Through this experience, one thing I learned is that development, and the selling of the product you develop, takes time and money. This is a lesson I took to heart when I built another software company, SPI Labs, with my partner Matt Gartland. SPI Labs is behind the Smart Podcast Player, which was a significant undertaking that started out as a custom solution for AskPat and eventually became a successful WordPress plugin used by thousands of fellow podcasters.
While there are a large number of opportunities out there that are fun, legitimate and put you in control of your earning, you have to be able to look through those transparent offers of making thousands per week simply by logging onto your computer. Ignore inflated promises and look through the legitimate ways you can make money online on the following pages.
Do you love taking pictures and have a general passion for photography? If so, you could make a very nice living for yourself online selling your photos. There are countless people who are willing to pay you good money for your collection of unique images you have to offer. Today more than ever it’s super easy to submit your pics to the masses, which can provide you with a very convenient approach to creating a solid source of additional income. Several stock photo sites like Shutterstock and Fotolia offer enticing incentives for individuals to earn money passively from the photos they randomly shoot in their spare time.
2) it would likely be easier to emulate what some of these big MLM girls are doing with their FB groups. Rather than advertise your products on FB, look for ways to build a page with a large following of interested users. A lot of these Lula Roe girls that do exceptionally well have large facebook pages with 10,000+ likes they “go live” on facebook and have Lula Roe parties showing off their goods/sales.
But don't make the mistake of thinking this will be a passive source of income—you're on call whenever you have a guest and you'll always need to keep the place clean for incoming visitors. On top of just renting on Airbnb, consider offering your guests paid add-ons, like Lauren Gheysens', Royal Day Out in London, England—where she gives visitors a local's only tour of the city, complete with bespoke 18th century costumes.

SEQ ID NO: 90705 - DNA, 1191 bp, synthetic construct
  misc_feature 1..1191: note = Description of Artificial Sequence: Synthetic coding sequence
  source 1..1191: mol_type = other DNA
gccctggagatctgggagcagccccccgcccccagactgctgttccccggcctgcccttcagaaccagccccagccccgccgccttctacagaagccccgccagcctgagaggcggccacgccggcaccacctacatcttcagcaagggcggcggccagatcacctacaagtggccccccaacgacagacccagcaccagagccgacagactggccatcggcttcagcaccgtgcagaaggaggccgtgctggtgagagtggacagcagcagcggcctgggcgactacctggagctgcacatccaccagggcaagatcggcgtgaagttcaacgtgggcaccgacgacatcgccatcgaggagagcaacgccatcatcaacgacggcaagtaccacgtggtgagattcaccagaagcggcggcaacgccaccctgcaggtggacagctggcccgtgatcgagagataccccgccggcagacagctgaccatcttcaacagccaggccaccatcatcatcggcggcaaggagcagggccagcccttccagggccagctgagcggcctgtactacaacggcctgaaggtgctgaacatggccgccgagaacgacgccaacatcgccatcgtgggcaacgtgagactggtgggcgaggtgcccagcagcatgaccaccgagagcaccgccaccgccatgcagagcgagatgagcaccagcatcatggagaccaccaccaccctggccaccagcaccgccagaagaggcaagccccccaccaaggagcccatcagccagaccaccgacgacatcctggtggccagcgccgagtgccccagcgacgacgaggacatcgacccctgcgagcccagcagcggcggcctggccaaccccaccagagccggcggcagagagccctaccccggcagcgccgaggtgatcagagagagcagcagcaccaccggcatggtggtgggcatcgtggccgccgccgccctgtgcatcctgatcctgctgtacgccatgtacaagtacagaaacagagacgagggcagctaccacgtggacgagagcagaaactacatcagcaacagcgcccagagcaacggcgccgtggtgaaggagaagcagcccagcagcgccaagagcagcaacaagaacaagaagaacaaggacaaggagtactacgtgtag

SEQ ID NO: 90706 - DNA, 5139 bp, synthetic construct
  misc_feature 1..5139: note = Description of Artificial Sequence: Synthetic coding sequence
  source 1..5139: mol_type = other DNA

If you’ve got expertise in a certain area, package up your knowledge into an online course and sell it. This has become a very popular business model for online entrepreneurs over the past several years. The two big websites that are used to sell online courses are Udemy and Teachable. Check out this awesome article by Regina on How to Create an Online Course that Sells.
Have an extra room in the house? Try renting it out on Airbnb.com. According to Smart Asset, you can pay up to 81% of your rent by listing one room in a two-bedroom home. If you're really looking to ring in the cash, renting out a private home or apartment is the way to go. According to Smart Asset's findings, rates for full apartments are significantly higher than those for just rooms, with annual profits ranging from $15,000 to $31,000 for a two-bedroom apartment.
Similar to a virtual assistant, you’ll need to have very strong organizational and communication skills if you want to become a social media manager. It helps to be a strong user on Facebook or Twitter, but it might be even more important to know how to use social media insight tools, including HootSuite or SocialFlow, Facebook Analytics and more. Just like with a virtual assistant, you want to be able to communicate what your efforts are targeting and what your campaigns have accomplished so your employer can recognize your value.
Social media isn’t just a fun thing you do with your friends. It’s a competitive marketing space where thousands of brands and businesses are competing for, often times, the same audience. If you can help a business get a leg up in that environment, you can carve out a valuable position within a company. However, one of the most important aspects of a good social media manager is someone who understands the tone and voice of the business he or she represents. For example, a social media manager at Wendy’s should use a different tone from at McDonald’s, even though they’re both fast-food burger restaurants.